2) A moderate source of B vitamins and magnesium
In general, fish sauce is not a substantial source of essential micronutrients.
However, it does provide a modest amount of magnesium and B vitamins.
According to USDA data, a tablespoon serving provides 2-4% of the daily value for folate, niacin, and vitamins B6 and B12. Additionally, this serving provides 7.5% of the daily value for magnesium (7, 8).
Among their functions, B vitamins play an important role in energy production, DNA synthesis, and the nervous system (9).
Magnesium is also vital for energy production and plays a key role as a cofactor in protein synthesis, blood sugar regulation, and the maintenance of blood pressure, among other functions (10).
3) Low in calories
While many commonly used condiments are calorie-dense (e.g. mayonnaise, ketchup, ranch dressing, and barbecue sauce), fish sauce is a low-calorie condiment, containing just six calories per serving.
This makes it an excellent choice as a flavor enhancer for individuals aiming to reduce their energy intake.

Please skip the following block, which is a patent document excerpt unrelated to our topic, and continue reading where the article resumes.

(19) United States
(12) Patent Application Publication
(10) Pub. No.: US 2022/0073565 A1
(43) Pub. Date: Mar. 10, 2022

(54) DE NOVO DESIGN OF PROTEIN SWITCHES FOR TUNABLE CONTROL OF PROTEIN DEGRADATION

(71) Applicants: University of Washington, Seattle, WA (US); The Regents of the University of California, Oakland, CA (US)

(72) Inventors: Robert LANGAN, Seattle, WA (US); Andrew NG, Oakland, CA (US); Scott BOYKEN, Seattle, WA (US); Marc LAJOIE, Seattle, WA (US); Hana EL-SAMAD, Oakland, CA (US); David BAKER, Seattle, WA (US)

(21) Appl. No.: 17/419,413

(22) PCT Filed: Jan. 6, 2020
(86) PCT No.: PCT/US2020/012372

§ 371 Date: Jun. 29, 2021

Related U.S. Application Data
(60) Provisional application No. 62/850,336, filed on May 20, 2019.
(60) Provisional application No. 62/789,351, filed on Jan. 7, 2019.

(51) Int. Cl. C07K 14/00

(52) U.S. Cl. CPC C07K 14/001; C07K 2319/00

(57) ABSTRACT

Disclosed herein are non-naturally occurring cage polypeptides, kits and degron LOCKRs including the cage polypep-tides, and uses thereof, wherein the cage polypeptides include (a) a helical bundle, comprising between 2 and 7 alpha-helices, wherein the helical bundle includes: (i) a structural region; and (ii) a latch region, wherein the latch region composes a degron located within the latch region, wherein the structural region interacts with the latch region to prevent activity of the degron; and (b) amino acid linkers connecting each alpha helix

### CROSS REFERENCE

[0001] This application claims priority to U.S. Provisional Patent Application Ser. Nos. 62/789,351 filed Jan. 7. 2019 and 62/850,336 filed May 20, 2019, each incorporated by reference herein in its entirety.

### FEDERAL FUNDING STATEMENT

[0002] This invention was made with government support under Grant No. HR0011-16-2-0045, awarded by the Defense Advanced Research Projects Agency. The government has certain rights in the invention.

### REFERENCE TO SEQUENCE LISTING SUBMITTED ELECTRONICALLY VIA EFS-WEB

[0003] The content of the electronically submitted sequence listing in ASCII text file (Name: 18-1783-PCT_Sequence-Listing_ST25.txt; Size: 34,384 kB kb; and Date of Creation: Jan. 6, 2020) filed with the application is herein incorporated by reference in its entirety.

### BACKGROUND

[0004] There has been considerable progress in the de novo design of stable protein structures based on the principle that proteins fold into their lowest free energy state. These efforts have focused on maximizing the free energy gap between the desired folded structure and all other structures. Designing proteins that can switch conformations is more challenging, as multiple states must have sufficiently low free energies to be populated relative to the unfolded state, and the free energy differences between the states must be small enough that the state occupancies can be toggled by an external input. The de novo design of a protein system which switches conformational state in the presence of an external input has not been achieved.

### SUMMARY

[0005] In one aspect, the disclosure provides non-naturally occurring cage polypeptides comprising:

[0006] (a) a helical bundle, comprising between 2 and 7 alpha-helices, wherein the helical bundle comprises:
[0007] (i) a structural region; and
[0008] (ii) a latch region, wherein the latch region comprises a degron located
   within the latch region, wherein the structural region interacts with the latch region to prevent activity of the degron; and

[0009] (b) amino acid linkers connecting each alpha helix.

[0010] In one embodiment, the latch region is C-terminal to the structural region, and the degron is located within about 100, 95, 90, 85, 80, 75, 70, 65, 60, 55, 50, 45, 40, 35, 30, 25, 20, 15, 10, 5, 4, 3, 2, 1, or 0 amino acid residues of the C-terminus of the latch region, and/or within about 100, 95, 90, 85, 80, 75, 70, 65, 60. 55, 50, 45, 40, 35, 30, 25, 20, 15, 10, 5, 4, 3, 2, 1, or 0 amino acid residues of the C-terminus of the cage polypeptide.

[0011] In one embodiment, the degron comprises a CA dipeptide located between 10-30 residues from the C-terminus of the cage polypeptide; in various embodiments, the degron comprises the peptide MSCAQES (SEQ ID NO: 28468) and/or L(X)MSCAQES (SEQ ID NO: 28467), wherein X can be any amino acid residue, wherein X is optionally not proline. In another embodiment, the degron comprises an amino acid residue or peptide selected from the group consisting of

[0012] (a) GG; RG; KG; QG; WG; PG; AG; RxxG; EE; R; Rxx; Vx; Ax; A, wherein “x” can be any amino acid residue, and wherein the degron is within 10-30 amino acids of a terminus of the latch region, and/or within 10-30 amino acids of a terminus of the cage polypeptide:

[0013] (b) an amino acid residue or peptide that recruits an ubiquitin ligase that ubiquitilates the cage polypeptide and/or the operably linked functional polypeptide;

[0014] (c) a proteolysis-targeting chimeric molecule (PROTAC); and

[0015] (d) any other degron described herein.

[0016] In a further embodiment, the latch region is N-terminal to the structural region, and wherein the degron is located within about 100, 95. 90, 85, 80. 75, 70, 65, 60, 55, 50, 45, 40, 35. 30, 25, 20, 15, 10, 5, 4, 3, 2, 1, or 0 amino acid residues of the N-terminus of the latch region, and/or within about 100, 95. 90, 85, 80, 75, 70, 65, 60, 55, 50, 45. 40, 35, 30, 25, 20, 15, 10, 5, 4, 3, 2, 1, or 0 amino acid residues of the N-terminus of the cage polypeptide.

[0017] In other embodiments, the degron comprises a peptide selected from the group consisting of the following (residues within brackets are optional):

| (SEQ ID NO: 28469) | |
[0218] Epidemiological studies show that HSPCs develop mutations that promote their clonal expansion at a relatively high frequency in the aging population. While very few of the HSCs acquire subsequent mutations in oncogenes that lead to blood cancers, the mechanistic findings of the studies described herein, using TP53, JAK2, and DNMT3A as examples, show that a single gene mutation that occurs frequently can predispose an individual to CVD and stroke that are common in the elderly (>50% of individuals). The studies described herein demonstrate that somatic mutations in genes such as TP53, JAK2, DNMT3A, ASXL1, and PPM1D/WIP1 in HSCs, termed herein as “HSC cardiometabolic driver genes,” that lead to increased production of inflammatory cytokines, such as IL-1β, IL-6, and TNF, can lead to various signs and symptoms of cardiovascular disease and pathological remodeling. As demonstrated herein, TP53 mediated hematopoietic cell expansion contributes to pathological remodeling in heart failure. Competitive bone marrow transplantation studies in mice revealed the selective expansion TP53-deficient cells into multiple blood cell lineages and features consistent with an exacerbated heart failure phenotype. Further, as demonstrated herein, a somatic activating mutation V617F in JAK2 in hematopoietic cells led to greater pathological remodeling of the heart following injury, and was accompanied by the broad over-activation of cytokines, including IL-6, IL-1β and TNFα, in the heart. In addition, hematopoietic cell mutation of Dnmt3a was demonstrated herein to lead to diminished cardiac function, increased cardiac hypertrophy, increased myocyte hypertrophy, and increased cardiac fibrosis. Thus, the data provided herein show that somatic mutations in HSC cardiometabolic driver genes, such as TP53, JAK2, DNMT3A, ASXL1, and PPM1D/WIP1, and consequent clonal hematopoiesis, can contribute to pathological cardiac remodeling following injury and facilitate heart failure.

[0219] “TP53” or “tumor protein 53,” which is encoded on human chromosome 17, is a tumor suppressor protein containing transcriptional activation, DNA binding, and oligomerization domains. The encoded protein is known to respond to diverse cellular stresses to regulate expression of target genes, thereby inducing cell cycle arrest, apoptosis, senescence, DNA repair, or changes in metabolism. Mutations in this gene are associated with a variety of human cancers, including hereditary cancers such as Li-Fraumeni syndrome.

4) Iron-fortified fish sauce can improve iron status
In regions where fish sauce is a dietary staple, it has been fortified with iron.
Studies examining the effectiveness of fortifying fish sauce have demonstrated positive results.
In a 6-month randomized controlled trial involving 152 Vietnamese women with iron deficiency anemia, the consumption of iron-fortified fish sauce was examined to assess its impact.
The results indicated that regular consumption of iron-fortified fish sauce consistently increased iron levels. Additionally, it reduced the prevalence of iron deficiency anemia (11).
5) A good substitute for soy sauce
Due to its rich umami flavor, fish sauce serves as an excellent soy sauce alternative for individuals with soy allergies.
While not an exact replacement, it imparts a similar flavor-enhancing effect to dishes.
Potential Downsides of Fish Sauce
Like all foods, fish sauce can have potential downsides. Here is an overview of some of these drawbacks.
High in sodium
The main concern with fish sauce is its high sodium content.
As demonstrated in the nutritional values section, a single 18-gram tablespoon serving contains 1413 mg of sodium (7).